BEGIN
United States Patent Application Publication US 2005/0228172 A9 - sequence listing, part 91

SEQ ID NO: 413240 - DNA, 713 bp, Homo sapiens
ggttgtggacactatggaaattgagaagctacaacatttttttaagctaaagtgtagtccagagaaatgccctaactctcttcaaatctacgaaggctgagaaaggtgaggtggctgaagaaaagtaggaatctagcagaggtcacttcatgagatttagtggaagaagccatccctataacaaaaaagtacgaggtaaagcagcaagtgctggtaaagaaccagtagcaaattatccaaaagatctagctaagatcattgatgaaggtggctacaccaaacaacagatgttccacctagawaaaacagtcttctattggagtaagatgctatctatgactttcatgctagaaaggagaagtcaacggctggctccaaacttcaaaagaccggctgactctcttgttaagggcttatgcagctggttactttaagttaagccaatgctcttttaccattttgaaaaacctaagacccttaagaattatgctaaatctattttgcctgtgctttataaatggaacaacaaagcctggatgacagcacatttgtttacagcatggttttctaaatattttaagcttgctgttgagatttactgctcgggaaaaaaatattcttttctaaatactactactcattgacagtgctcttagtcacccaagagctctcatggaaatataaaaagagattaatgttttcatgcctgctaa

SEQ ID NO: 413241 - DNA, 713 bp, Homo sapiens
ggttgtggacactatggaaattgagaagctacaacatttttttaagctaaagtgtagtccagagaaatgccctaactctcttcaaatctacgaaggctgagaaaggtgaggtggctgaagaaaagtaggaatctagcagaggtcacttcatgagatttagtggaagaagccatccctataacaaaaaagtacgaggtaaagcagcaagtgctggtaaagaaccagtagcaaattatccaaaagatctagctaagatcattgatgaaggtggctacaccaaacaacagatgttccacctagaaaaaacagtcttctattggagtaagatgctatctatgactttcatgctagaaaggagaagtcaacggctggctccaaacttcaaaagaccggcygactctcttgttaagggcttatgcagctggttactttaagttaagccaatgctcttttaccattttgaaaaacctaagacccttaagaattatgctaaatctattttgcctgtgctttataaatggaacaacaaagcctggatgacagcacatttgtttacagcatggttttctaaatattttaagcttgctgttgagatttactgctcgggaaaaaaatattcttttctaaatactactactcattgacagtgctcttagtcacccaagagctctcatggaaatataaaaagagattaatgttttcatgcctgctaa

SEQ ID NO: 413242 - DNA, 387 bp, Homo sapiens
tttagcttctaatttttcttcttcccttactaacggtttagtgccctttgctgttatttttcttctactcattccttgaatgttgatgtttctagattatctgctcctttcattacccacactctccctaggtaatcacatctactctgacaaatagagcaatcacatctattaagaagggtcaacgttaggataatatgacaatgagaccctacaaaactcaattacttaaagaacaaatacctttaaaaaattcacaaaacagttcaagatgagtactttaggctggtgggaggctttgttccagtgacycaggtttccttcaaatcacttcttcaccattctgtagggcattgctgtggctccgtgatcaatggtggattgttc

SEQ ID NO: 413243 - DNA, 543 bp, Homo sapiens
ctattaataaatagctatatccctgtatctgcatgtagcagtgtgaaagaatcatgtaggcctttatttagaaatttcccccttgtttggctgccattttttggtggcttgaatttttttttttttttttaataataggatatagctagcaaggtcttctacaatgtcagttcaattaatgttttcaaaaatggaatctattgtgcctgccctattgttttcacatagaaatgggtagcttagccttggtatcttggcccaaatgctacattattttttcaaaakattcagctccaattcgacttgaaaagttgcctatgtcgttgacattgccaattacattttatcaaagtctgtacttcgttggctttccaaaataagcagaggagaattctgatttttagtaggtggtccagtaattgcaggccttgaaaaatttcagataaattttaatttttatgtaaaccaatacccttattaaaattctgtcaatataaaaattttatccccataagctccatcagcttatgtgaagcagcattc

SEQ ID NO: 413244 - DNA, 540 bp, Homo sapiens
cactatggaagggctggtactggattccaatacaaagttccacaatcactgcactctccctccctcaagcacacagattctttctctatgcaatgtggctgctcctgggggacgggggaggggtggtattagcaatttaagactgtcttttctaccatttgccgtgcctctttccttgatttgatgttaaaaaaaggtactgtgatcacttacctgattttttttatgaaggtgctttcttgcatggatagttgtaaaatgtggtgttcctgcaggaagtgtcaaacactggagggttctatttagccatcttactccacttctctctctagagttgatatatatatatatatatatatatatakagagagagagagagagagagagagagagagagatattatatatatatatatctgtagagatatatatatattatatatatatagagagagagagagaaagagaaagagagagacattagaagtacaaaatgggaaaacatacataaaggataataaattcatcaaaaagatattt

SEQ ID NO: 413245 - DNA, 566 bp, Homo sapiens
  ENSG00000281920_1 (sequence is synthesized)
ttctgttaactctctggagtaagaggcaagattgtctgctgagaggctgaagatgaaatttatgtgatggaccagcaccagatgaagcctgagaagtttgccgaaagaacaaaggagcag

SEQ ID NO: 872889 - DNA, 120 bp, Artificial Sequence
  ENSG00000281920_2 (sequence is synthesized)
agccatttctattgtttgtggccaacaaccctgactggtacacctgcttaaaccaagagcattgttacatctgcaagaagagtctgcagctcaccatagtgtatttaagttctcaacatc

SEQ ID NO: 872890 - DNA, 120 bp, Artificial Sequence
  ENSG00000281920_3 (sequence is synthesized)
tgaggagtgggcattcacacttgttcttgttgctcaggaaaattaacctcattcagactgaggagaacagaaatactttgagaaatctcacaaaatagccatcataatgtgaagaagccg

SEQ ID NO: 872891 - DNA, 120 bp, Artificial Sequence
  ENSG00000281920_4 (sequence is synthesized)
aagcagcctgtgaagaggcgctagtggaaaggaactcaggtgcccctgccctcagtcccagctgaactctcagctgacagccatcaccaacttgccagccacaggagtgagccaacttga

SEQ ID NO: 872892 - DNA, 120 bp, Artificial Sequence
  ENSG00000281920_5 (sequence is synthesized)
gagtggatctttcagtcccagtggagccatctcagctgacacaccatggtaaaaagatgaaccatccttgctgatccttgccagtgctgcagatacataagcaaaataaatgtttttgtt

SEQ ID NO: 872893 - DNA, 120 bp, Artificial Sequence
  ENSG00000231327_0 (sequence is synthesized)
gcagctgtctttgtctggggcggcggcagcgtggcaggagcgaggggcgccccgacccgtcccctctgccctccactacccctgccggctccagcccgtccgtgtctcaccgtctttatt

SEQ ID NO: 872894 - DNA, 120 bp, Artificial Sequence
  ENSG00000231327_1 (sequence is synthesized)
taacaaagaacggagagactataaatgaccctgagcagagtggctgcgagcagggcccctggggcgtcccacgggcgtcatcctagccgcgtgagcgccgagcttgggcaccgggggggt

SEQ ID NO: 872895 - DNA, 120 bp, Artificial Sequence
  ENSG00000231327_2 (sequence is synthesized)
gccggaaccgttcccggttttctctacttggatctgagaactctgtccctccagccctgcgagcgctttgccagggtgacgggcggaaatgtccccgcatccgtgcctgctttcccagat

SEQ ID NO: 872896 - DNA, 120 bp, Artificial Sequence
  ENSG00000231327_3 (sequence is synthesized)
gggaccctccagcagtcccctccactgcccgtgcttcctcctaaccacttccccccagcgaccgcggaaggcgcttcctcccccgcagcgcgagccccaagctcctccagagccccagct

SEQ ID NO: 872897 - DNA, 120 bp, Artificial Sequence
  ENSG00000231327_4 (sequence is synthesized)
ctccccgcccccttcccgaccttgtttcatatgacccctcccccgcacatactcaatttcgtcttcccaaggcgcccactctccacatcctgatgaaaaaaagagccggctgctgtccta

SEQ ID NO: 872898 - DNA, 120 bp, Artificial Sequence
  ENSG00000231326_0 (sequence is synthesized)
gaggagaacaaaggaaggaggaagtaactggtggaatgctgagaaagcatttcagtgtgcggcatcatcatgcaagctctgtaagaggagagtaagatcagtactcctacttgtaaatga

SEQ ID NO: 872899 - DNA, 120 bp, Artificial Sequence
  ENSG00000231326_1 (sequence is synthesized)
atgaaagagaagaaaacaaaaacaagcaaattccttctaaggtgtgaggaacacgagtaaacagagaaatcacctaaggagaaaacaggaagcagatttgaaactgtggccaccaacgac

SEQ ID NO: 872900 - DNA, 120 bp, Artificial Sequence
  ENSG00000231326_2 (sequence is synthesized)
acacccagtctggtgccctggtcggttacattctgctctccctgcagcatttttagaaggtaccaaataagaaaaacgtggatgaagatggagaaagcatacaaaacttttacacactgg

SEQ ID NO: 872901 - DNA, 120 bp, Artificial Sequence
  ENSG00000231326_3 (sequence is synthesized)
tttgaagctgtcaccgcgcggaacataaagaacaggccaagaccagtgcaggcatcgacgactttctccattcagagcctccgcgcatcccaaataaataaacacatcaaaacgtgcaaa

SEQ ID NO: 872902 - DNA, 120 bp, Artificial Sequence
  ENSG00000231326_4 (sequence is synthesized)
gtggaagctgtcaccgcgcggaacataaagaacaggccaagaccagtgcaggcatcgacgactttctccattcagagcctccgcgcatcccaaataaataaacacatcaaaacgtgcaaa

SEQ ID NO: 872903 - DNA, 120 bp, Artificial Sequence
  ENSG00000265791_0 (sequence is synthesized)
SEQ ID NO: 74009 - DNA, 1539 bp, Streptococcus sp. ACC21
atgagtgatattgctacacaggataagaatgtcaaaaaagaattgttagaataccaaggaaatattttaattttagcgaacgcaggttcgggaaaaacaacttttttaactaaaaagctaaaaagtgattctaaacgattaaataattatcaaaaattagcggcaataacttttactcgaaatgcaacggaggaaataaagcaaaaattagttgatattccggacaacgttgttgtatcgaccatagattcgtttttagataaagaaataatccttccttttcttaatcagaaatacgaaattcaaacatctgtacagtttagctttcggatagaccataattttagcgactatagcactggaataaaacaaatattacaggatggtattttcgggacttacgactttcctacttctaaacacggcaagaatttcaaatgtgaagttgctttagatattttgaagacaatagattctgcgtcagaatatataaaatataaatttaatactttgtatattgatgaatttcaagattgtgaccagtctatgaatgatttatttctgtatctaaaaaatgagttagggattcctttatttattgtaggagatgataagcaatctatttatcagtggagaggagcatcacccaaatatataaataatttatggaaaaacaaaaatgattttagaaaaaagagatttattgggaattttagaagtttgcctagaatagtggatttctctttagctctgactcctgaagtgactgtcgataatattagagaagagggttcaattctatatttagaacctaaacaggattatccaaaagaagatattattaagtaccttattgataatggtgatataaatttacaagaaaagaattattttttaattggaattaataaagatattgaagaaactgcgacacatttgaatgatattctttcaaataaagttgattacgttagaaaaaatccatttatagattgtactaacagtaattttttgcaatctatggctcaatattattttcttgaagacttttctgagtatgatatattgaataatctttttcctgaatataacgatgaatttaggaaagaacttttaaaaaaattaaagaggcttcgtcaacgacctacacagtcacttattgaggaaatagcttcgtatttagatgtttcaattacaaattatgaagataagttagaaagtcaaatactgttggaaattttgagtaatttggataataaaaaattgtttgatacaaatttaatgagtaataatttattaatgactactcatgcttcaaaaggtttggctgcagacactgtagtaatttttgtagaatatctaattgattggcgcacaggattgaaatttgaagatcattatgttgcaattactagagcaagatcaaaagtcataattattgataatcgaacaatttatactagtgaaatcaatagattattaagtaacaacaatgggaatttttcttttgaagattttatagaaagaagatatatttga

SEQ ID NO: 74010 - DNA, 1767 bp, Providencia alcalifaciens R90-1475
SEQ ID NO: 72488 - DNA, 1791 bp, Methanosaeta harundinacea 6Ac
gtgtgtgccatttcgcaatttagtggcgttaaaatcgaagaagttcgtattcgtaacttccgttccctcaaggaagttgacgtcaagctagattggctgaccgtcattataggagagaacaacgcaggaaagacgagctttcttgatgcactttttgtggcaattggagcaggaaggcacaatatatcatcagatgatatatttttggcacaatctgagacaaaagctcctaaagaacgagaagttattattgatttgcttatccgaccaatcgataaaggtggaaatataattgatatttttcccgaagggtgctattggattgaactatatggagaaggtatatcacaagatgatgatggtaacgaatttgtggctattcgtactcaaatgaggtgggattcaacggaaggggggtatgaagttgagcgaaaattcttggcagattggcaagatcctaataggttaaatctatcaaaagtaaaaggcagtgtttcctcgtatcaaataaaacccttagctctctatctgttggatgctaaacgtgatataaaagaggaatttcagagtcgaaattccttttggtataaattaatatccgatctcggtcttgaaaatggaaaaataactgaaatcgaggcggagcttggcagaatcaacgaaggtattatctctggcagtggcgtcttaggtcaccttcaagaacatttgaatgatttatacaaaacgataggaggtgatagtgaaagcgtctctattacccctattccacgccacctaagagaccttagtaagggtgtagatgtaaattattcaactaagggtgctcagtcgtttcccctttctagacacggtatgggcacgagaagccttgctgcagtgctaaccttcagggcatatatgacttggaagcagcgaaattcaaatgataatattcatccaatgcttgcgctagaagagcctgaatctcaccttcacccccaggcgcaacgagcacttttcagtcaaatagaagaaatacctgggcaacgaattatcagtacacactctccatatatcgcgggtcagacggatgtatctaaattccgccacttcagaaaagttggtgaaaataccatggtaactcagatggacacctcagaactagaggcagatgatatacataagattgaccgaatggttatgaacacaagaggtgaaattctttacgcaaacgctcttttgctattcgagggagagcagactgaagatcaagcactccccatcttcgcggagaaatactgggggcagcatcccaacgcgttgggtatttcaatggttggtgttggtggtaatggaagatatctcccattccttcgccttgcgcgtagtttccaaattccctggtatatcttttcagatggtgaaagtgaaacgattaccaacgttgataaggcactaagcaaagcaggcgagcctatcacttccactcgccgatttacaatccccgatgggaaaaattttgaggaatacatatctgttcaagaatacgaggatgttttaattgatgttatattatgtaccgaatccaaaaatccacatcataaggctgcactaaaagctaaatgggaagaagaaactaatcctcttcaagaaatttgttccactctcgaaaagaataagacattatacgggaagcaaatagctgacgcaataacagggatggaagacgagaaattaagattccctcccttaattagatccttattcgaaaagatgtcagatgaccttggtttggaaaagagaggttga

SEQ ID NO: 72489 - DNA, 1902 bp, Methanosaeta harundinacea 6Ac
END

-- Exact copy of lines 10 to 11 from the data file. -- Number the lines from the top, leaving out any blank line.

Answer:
SEQ ID NO: 413244 - DNA, 540 bp, Homo sapiens
cactatggaagggctggtactggattccaatacaaagttccacaatcactgcactctccctccctcaagcacacagattctttctctatgcaatgtggctgctcctgggggacgggggaggggtggtattagcaatttaagactgtcttttctaccatttgccgtgcctctttccttgatttgatgttaaaaaaaggtactgtgatcacttacctgattttttttatgaaggtgctttcttgcatggatagttgtaaaatgtggtgttcctgcaggaagtgtcaaacactggagggttctatttagccatcttactccacttctctctctagagttgatatatatatatatatatatatatatakagagagagagagagagagagagagagagagagatattatatatatatatatctgtagagatatatatatattatatatatatagagagagagagagaaagagaaagagagagacattagaagtacaaaatgggaaaacatacataaaggataataaattcatcaaaaagatattt